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DCS - Even if all goes well it can happen
lerpy - 7/25/2014 4:01 PM
Category: Health & Safety
Replies: 3

Wanted to share a dive incident from last week. The dive was a drift dive in the river where I dive often, the water temp was around 68 at depth. I was breathing 29% my buddy was diving air. The plan was to start out deep 120 and follow the profile of the riverbed that came up gradualy as we drift. My computer was set to air despite the 29%, added margin of safety in my opinion. My buddy had never been past 80 feet, and was newer to drifting and newer to diving in general.

Started out as planned, dropped to 120 feet on my computer, showed an NDL of 6 minutes. Drifted for a couple of minutes and as expected started to accend along the river bed increasing my NDL time. the third in our party seemed to have more issues, my buddy and I expressed concern over the third and made sure to check on him on a very regular basis to ensure he was ok. Drift continued up to around 80 feet where we stayed for several minutes, well withing the NDL showing on MY computer. Again slight accent to around 70 feet. At this point the third in our team took off up the river bank to the surface. Both my buddy and I are concerned so we shoot a bag and start our gradual assent. I get an alarm at one point for to rapid assent, I slow down and stop for a minute. My computer gives me a 4 minute stop at 15 feet. I follow the stop with my buddy following my same profile as he had the entire dive. We make our 4 minute stop and surface. The third guy in our team is on the boat and fine.

20 minute ride back to the dock. My buddy gets off the boat and starts indicating he has chest pain and tingling in his arms, and a growing pain in his back, and it is getting worse. Immediately I grab O2 and alert the others with us. We get my buddy on the O2, and another person trained in the medical field takes vitals, pulse is slow, skin is showing red like a sunburn, and he is getting the chills. We cover him in a blanket and continue to monitor. After several minutes the symptoms receed, however we are going to take him to a hospital to get assessed. We take the O2 off to help him out of his suit and get him in a car, immediately he gets worse. Vision goes blurry, the pain and tingling comes back, he starts complaining of really bad headache, he is having trouble with balance, and is becoming confused in his speech.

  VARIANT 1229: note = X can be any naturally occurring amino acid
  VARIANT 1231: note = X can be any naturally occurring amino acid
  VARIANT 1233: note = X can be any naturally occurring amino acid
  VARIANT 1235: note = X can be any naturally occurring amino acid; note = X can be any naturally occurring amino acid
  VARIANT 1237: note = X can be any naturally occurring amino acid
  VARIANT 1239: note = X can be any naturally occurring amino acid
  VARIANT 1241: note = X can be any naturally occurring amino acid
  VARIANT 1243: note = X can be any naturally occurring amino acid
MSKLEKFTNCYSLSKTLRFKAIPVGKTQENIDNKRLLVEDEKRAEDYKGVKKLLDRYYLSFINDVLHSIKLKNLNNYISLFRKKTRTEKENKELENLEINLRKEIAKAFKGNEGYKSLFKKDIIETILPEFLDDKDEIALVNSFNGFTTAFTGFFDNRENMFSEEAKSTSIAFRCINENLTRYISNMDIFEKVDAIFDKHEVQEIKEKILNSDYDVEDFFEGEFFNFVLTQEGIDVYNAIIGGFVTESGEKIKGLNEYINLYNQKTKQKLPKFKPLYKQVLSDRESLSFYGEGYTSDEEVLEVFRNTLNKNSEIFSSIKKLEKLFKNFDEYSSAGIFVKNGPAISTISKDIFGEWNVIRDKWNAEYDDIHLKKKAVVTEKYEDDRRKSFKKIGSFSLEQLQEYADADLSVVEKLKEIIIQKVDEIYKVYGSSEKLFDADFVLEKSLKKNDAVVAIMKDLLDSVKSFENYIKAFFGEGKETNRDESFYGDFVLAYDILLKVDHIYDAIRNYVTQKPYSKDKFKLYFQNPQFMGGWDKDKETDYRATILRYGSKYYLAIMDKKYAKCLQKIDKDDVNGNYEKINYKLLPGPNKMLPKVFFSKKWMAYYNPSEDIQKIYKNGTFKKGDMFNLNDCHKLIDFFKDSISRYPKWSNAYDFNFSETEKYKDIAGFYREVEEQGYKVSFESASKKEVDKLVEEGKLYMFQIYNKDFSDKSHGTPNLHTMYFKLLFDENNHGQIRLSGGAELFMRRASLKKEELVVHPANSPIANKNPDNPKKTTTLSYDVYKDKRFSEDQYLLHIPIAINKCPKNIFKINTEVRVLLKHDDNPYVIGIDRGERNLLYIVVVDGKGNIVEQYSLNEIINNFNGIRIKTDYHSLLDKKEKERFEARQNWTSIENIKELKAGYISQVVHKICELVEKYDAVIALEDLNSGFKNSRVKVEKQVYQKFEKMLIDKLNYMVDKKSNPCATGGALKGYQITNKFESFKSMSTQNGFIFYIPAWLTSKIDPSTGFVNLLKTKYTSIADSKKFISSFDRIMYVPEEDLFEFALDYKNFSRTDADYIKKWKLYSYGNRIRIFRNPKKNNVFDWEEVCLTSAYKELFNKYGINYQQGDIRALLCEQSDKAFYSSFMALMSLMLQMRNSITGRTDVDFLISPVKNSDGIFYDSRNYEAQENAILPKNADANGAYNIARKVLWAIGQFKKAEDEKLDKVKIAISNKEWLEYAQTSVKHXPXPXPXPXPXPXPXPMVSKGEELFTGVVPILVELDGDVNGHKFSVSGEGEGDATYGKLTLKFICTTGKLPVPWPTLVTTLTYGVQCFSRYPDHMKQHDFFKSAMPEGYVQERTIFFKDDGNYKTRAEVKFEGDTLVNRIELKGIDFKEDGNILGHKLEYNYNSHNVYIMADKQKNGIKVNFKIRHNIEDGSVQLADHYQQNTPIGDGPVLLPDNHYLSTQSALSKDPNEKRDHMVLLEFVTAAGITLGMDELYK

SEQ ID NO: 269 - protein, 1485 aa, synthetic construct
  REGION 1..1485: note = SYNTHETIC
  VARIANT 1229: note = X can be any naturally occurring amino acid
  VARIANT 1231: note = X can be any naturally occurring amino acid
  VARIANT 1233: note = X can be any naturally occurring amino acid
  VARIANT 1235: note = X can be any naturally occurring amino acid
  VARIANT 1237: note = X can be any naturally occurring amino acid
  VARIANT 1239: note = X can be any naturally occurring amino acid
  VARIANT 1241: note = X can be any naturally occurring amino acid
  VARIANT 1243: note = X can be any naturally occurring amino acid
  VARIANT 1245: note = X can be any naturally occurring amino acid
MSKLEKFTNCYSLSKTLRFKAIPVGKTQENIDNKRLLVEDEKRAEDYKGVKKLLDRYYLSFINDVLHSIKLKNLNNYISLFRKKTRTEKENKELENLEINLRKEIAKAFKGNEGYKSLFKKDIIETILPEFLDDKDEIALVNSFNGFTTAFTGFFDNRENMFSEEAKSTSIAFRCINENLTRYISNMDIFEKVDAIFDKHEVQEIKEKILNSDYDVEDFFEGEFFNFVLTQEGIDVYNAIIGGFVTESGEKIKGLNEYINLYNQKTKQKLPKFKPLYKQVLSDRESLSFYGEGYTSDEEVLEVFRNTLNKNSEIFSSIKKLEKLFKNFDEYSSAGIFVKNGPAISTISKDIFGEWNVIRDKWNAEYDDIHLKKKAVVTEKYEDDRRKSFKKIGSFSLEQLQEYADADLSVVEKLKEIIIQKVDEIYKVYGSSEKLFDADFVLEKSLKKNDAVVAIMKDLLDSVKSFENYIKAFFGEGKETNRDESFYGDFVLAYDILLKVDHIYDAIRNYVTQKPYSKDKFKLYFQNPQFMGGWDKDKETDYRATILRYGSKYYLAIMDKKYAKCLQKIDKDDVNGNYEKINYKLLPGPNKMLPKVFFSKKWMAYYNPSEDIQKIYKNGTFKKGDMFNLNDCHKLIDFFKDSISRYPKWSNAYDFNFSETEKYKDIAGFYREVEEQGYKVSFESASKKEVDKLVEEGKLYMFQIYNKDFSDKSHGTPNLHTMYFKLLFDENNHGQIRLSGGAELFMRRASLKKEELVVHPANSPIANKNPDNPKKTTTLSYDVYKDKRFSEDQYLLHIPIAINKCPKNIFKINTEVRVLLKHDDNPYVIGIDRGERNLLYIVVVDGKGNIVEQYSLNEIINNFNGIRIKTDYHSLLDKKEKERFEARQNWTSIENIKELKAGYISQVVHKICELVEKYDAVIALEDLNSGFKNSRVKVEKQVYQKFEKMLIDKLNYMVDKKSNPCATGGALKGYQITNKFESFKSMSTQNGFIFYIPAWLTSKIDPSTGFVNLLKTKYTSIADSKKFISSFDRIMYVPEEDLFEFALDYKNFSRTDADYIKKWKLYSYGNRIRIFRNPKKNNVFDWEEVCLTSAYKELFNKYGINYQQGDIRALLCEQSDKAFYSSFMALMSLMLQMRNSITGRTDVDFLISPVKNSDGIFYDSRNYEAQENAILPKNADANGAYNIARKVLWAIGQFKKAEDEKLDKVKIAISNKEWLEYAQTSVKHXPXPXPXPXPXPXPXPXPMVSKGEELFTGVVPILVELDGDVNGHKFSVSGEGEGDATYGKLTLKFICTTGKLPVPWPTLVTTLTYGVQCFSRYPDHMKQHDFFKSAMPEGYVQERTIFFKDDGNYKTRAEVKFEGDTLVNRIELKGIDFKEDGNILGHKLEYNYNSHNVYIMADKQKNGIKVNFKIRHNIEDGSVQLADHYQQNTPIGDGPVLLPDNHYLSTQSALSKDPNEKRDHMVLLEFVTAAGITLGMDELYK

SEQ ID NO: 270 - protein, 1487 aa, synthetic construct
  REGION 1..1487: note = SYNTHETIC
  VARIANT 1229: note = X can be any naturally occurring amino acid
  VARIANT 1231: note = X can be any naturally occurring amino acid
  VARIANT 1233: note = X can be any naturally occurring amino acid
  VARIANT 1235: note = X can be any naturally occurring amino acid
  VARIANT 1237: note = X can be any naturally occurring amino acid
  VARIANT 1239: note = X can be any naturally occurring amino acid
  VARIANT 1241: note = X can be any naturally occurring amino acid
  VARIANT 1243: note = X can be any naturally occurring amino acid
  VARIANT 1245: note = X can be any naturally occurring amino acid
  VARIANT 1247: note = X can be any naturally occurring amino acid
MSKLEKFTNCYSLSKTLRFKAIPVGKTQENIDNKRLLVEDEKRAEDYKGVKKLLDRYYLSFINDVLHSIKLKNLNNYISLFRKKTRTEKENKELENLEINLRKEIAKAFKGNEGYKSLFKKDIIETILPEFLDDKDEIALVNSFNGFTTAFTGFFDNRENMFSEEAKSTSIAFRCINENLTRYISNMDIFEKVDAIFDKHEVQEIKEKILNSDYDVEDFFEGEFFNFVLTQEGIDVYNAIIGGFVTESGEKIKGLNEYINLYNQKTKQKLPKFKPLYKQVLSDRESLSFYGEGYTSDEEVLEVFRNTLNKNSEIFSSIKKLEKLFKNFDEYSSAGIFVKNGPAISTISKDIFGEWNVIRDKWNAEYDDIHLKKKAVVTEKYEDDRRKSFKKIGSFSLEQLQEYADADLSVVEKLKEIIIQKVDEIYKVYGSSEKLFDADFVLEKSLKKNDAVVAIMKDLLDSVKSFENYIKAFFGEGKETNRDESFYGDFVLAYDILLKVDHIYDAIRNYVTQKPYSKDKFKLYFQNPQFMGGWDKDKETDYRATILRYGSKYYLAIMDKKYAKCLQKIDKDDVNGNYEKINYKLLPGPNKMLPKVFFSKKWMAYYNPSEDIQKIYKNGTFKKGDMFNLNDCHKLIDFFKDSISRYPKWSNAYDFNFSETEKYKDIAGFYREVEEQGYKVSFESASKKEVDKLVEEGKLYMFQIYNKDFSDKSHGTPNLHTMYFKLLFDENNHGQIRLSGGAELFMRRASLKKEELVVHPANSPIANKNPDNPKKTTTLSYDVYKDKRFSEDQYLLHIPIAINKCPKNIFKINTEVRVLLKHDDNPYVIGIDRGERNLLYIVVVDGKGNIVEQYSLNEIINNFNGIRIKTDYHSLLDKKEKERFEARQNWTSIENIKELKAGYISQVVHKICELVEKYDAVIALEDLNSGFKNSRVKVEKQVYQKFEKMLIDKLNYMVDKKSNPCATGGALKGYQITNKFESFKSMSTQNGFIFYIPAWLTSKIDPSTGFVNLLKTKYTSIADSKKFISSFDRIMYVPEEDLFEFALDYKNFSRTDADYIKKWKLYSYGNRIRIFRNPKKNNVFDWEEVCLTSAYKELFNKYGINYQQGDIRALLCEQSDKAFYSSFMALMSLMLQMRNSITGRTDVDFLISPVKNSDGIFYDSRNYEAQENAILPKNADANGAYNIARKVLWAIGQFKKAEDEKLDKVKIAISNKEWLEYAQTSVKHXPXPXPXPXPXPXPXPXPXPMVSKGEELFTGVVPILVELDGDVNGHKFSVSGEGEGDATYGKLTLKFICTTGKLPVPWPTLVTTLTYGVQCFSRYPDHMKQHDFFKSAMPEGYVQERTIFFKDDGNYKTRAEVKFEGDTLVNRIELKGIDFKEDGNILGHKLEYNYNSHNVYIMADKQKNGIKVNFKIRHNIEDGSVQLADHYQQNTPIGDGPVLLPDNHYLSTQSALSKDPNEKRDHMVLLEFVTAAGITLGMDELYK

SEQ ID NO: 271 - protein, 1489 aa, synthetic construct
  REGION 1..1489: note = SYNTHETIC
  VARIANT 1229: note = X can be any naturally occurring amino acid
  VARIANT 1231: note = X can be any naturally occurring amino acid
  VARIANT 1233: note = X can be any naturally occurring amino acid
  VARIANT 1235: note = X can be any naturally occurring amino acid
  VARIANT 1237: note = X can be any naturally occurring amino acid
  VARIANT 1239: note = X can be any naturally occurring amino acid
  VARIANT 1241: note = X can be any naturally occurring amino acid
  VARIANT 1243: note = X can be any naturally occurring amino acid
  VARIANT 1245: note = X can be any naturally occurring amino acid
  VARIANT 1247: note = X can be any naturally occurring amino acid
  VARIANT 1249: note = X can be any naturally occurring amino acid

Long and short 911 - ambulance - hospital, and after an assessment at the hospital he is taken to a chamber and chambered for 6 hours. At this point I do not know the exact chamber treatment.

I, as well as my buddy, and the others on the dive that night have gone over and over the dive. As for the actualy dive, we did the same profile, nothing went wrong, there were no overly rapid accents. From his computer it appears he did not go past NDL, his computer showed max 113 feet, did not accended to quickly or any of the obvious causes of DCS. The only thing that came out in the medical assessment was he had not eaten since 2PM, ( we jumped in the water about 6:30PM) and he may he have been a little under hydrated. The individual is in good physical shape, takes care of his health and ironically is a paramedic so pays attention to health concerns. Still racking the brain on the dive profile and how he got bent.

Just thought I would post this for information and for possible feedback.
Greg - 7/25/2014 5:58 PM
Wow, thanks for sharing this. What river were you diving in that gets to 120 ft?
lerpy - 7/26/2014 4:21 AM
We were diving in the St Lawrence river. You can get to almost 300 in some spots. Good spot for some deep dives if you are tec and some great wrecks.
SeaGoat - 7/26/2014 11:00 AM
You’re talking about the St Lawrence River up by the Great Lakes, right? Many people are more susceptible to get the bends when they get really cold. What was the water temperature at depth? What type of suit was your buddy wearing? Did he have a hood?

Anyways, that’s my best guess. You can also call DAN and see what they say.